Republican David Storobin is currently on track to become a New York State Senator in the epic, never-ending special election to replace corrupt Senator — and future inmate — Carl Kruger. The votes, cast March 20th, have all been counted, but an automatic hand recount of all 20,000 ballots was triggered due to the closeness of the end count — a lead by Mr. Storobin of 27 votes.
“So, they are 10% through with the first ever re canvass of paper ballots from the scanners,” the Democratic candidate, Lew Fidler, wrote on Facebook last night, noting, however, that there is still some hope as the new voting machines did show variances with the original count even though the net margin did not change.
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The March 20th special election for the State Senate in southeastern Brooklyn just got one big step closer to a resolution earlier today when over a hundred ballots that were alleged to be fraudulent by the Democratic candidate, Lew Fidler, were counted after a judge dismissed his lawsuit last week. The Republican candidate, David Storobin, is now 27 votes ahead.
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One of the biggest question marks hanging over an insanely close March 20th special election to the State Senate in southeastern Brooklyn was 100+ absentee ballots the Democratic candidate, Lew Fidler, alleged to have been collected fraudulently. Today, however, the judge overseeing the case ruled in favor of the Republican candidate David Storobin, who very well may now enter the automatic hand recount with a slight lead rather than the 87 vote deficit he ended last week with.
“However, based on the testimony of these witnesses, it cannot be said that [Storobin's campaign staffer] Ms. Pometko engaged in any fraudulent conduct,” the judge said in his ruling. “There was no evidence that she coerced or induced any of the witnesses to falsely apply for an absentee ballot. Nor was there evidence presented that Ms. Pometko made any false representations or threats to these voters in her efforts to procure an absentee ballot on their behalf.”
it won't end
David Storobin, the Republican candidate in a March 20th State Senate special election, still leads by 3 votes over Democrat Lew Fidler. But that might change next week, depending on the ongoing legal proceedings.
The court battle between the two took another turn yesterday when the judge hearing the case announced he would hold one of Mr. Storobin’s campaign staffers in contempt unless she appeared as ordered.
After 20,000 votes cast in a state senate special election that took place over a month ago, Republican candidate David Storobin still leads by 3 votes.
The legal teams of Mr. Storobin and his Democratic opponent Lew Fidler met in court earlier this afternoon to continue hashing out their arguments over absentee votes and fraud allegations. And, according to the campaigns, not a lot seems to have happened. One or two dozen more ballots challenged by Mr. Storobin got green-lighted to eventually be counted, which benefits Mr. Fidler, but that doesn’t seem likely to happen anytime soon.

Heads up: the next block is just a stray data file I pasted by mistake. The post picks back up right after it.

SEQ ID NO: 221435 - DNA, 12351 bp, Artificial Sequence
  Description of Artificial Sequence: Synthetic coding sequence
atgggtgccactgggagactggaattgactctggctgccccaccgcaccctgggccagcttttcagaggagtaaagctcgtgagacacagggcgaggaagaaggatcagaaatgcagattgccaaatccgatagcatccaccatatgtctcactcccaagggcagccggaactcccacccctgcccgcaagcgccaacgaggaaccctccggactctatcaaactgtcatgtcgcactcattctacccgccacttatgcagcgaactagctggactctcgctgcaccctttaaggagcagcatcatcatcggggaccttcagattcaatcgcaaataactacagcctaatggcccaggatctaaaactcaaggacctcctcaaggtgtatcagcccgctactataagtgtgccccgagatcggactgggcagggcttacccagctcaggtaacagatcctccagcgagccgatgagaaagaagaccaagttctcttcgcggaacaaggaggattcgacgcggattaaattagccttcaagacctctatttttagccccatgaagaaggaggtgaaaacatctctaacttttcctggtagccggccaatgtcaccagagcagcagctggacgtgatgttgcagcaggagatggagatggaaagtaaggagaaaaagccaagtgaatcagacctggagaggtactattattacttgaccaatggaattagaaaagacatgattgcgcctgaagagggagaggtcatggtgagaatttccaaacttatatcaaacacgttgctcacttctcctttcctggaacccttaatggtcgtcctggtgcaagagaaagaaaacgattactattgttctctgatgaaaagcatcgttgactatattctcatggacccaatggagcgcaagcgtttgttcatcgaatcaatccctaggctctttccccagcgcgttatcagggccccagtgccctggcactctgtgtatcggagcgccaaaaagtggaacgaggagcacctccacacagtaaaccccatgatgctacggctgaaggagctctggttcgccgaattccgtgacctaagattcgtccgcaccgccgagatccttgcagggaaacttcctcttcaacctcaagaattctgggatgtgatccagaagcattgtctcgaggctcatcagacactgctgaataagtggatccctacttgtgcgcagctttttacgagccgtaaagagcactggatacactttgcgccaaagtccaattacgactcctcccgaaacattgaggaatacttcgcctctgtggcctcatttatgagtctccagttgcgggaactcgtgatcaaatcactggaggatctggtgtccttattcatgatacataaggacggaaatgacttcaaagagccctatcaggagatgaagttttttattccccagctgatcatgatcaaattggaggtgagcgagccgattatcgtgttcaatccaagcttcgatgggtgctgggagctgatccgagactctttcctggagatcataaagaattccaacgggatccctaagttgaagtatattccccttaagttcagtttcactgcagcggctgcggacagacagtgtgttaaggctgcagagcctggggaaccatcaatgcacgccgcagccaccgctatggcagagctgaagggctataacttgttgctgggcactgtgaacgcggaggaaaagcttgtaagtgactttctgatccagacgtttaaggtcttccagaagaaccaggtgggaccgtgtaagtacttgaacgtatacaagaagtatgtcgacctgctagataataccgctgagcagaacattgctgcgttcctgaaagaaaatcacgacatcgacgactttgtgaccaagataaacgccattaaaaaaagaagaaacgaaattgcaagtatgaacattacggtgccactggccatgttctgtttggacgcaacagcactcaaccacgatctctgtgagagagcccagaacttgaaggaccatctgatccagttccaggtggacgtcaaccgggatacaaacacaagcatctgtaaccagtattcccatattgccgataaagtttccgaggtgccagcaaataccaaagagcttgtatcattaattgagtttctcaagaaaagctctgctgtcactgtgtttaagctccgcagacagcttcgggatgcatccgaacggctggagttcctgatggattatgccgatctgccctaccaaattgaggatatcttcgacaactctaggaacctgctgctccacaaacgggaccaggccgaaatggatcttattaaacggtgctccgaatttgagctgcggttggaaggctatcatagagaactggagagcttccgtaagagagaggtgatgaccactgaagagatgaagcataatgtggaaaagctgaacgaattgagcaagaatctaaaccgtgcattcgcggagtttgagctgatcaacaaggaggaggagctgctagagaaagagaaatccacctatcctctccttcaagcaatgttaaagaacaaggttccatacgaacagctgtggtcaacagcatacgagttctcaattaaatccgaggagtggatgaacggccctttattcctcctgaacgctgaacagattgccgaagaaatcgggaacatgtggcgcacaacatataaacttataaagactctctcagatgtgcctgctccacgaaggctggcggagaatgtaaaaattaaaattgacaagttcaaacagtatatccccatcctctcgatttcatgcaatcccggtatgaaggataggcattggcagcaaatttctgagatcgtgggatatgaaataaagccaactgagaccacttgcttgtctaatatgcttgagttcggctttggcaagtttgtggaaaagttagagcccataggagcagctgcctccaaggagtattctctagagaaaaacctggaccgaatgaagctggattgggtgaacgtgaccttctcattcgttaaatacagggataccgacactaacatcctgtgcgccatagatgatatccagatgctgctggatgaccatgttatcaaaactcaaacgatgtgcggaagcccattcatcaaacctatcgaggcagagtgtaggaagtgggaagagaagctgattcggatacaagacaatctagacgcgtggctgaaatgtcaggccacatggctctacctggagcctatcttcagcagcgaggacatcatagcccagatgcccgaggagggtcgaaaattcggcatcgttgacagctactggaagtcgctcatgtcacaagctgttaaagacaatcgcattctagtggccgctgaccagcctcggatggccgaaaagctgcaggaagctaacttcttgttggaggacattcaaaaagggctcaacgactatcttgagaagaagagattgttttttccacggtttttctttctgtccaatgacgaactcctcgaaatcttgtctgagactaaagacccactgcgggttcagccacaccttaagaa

City Councilman Lew Fidler currently trails David Storobin by three votes in the State Senate special election. The two sides are in court today, but there remains an outstanding question as the Democrats and Republicans battle over every last vote: Does Mr. Fidler even want to win.
Mr. Fidler’s current City Council salary is $112,000, plus whatever he gets as a chair of the Youth Services Committee; his State Senate salary would be $30,000 less. Plus, much of the work of the State Senate is done, since the budget was passed last month. If the recount drags on, Mr. Fidler may serve for only a few weeks or not at all, and he will be giving up a Council seat (albeit one he is term-limited out of in 2014) for a State Senate seat that will be redistricted out of existence by the time the November elections.
Thus, there have been persistent rumors that if he wins, Mr. Fidler will decline to be sworn in.
Today he tried to shut down those rumors.
The March 20th special election between Democrat Lew Fidler and Republican David Storobin continued to drag on this afternoon, as a judge heard, but did not rule on, Mr. Storobin’s motion to dismiss Mr. Fidler’s fraud lawsuit against a bit over a hundred of his absentee ballots. Mr. Storobin is currently holding on to a three-vote lead, so obviously this could prove critical in determining the ultimate winner of the Brooklyn State Senate seat.
Former City Councilman Simcha Felder made his intentions to run for the State Senate on the Democratic line clear in today’s edition of Hamodia, but there remains a question as to whether he ultimately caucuses with the Democratic conference. The Democratic primary electorate in district is heavily Orthodox Jewish and may very well be just as conservative as the general election when Republicans can vote as well, so supporting the GOP might not be a mortal sin for aspiring Democratic candidates here.
Further suggesting he might be open to the possibility, when he said he would run as a Democrat in his Hamodia interview, Mr. Felder added the phrase, “[B]ut as always, I will work with anyone and everyone who will work with this community.”